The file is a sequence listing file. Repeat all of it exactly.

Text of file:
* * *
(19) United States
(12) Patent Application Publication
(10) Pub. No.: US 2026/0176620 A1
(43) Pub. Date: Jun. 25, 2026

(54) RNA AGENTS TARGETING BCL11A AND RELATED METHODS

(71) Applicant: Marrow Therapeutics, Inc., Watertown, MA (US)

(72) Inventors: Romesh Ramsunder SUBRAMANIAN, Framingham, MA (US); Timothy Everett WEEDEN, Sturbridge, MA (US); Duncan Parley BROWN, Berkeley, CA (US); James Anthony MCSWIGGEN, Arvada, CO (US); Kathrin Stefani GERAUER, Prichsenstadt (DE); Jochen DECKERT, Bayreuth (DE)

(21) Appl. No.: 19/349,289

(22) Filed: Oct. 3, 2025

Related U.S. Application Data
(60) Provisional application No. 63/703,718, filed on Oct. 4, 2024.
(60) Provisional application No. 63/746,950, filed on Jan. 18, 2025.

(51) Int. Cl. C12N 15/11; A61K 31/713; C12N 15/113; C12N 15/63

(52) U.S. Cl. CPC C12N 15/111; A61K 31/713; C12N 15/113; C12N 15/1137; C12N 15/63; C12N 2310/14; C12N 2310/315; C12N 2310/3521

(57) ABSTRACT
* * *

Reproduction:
(19) United States
(12) Patent Application Publication
(10) Pub. No.: US 2026/0176620 A1
(43) Pub. Date: Jun. 25, 2026

(54) RNA AGENTS TARGETING BCL11A AND RELATED METHODS

(71) Applicant: Marrow Therapeutics, Inc., Watertown, MA (US)

(72) Inventors: Romesh Ramsunder SUBRAMANIAN, Framingham, MA (US); Timothy Everett WEEDEN, Sturbridge, MA (US); Duncan Parley BROWN, Berkeley, CA (US); James Anthony MCSWIGGEN, Arvada, CO (US); Kathrin Stefani GERAUER, Prichsenstadt (DE); Jochen DECKERT, Bayreuth (DE)

(21) Appl. No.: 19/349,289

(22) Filed: Oct. 3, 2025

Related U.S. Application Data
(60) Provisional application No. 63/703,718, filed on Oct. 4, 2024.
(60) Provisional application No. 63/746,950, filed on Jan. 18, 2025.

(51) Int. Cl. C12N 15/11; A61K 31/713; C12N 15/113; C12N 15/63

(52) U.S. Cl. CPC C12N 15/111; A61K 31/713; C12N 15/113; C12N 15/1137; C12N 15/63; C12N 2310/14; C12N 2310/315; C12N 2310/3521

(57) ABSTRACT